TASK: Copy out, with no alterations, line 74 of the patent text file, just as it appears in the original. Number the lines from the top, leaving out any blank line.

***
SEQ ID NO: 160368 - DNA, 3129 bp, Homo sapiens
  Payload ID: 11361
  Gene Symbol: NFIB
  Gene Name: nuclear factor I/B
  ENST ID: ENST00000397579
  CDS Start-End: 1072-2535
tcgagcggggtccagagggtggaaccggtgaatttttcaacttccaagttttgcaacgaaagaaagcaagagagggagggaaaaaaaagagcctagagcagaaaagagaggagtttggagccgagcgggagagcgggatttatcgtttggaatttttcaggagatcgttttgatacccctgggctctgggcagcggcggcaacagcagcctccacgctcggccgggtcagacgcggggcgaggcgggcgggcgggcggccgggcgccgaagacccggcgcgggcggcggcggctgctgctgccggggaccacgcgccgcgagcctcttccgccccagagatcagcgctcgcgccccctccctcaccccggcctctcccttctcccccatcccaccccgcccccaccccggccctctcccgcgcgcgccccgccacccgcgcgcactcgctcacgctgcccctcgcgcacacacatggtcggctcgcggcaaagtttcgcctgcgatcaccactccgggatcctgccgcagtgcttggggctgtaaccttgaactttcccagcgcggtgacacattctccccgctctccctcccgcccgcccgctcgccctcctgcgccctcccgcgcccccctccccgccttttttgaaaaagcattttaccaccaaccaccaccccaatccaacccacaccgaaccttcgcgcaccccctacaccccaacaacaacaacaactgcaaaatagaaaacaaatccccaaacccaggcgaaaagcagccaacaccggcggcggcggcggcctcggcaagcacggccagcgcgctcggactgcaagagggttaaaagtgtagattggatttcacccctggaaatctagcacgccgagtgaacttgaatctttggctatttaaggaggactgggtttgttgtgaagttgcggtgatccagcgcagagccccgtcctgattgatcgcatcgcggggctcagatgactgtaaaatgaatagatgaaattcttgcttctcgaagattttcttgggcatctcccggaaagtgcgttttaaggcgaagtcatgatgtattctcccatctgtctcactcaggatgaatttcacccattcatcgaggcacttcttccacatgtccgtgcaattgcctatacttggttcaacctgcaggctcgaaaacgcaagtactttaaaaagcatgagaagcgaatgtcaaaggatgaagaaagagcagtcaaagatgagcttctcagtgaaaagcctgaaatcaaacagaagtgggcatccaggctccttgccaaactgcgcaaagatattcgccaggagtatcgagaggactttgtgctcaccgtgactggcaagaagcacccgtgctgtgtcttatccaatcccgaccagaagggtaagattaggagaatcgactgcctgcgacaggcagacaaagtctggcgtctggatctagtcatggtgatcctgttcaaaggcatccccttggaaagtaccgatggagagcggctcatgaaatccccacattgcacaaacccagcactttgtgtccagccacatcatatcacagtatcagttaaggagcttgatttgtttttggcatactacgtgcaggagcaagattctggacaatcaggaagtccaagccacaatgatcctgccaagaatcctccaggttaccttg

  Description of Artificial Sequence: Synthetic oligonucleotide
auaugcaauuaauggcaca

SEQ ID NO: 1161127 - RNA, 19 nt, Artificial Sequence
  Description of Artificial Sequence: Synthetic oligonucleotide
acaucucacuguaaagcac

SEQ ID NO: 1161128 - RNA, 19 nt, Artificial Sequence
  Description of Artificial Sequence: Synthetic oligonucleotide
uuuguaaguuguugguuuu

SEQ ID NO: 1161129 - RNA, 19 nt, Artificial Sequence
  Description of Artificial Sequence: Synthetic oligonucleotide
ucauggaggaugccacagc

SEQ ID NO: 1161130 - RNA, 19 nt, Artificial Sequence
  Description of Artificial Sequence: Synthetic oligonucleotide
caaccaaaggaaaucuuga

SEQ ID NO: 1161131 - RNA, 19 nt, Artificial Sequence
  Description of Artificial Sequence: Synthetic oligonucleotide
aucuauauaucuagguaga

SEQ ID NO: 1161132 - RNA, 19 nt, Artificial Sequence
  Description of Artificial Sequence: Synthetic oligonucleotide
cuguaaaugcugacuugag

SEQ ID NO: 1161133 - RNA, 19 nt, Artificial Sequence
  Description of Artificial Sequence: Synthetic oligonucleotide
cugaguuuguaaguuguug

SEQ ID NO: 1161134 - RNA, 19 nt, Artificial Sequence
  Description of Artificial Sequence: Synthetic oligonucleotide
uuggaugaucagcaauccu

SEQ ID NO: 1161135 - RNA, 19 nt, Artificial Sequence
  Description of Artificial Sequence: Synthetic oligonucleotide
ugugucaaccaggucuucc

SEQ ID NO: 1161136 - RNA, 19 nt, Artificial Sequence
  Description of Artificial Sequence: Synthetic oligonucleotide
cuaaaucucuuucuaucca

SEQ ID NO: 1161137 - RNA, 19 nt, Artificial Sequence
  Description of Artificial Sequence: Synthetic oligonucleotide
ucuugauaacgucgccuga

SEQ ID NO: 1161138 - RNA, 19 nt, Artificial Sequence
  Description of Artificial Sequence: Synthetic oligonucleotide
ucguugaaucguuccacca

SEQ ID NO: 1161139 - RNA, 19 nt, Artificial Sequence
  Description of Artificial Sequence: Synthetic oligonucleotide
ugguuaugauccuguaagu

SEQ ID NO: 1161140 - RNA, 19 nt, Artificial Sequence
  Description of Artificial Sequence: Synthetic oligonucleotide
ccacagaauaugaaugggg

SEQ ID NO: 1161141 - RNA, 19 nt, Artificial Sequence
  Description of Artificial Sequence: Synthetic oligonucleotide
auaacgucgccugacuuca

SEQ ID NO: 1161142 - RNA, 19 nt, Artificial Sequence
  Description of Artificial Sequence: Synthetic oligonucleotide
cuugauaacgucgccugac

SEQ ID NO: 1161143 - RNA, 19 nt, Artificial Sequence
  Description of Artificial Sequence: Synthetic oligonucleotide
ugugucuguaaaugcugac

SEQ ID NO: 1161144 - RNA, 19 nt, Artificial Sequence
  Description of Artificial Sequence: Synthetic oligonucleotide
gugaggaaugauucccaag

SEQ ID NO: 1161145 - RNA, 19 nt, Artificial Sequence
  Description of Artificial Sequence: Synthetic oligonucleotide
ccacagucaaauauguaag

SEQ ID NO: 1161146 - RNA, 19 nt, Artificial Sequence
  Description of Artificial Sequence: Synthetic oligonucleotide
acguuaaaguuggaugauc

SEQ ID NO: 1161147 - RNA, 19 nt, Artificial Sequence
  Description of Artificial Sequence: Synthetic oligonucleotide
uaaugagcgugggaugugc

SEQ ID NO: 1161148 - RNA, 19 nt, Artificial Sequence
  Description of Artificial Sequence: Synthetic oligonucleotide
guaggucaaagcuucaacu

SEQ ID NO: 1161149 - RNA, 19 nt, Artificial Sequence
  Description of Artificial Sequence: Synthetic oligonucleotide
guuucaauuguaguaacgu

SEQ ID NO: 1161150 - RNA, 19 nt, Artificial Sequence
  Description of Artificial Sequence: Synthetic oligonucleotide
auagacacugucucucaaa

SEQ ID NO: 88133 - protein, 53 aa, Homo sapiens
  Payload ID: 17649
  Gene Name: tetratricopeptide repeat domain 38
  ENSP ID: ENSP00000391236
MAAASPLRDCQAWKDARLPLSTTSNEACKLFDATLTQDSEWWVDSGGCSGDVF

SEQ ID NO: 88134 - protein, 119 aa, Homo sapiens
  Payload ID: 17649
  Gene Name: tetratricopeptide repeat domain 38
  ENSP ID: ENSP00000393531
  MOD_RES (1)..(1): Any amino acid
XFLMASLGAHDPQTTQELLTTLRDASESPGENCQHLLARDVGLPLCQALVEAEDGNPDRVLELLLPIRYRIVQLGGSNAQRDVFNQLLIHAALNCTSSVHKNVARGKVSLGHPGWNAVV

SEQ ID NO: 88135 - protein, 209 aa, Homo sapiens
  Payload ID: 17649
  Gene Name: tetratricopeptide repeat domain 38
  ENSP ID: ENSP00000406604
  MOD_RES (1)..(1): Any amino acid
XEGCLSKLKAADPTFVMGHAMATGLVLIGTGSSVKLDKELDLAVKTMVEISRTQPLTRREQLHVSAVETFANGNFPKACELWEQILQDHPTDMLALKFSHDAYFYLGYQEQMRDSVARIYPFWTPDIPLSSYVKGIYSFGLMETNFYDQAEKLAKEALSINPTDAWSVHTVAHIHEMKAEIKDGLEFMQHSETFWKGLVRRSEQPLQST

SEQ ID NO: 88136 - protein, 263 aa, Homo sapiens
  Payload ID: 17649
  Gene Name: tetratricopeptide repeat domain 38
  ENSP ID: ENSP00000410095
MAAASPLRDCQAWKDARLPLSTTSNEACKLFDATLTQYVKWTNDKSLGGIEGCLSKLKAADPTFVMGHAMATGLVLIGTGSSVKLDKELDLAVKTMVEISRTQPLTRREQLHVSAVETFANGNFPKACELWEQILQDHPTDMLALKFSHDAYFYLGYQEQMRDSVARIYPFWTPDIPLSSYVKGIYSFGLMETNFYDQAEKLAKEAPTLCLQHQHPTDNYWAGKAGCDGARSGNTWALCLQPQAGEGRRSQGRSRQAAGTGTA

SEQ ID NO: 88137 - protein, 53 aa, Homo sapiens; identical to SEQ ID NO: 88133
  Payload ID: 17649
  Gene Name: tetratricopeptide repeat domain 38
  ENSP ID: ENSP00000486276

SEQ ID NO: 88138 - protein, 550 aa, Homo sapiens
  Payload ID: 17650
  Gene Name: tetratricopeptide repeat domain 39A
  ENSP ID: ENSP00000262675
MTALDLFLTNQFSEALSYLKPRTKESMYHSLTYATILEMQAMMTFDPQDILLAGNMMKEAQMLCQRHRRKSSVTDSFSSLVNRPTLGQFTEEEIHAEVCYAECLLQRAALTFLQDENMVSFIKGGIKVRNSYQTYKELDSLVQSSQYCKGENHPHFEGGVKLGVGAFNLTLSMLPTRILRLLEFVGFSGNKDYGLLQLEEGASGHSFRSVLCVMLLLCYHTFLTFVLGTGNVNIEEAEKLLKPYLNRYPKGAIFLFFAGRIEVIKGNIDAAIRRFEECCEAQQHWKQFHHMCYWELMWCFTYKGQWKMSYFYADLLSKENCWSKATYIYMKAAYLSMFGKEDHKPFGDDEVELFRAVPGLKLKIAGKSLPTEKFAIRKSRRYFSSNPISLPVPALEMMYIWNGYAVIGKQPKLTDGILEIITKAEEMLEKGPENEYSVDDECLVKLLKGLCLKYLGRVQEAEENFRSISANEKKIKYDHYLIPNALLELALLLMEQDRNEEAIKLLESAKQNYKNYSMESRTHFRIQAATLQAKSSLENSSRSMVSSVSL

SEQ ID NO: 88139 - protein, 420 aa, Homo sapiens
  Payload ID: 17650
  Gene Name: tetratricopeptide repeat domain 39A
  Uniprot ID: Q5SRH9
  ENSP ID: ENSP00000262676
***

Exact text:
  Description of Artificial Sequence: Synthetic oligonucleotide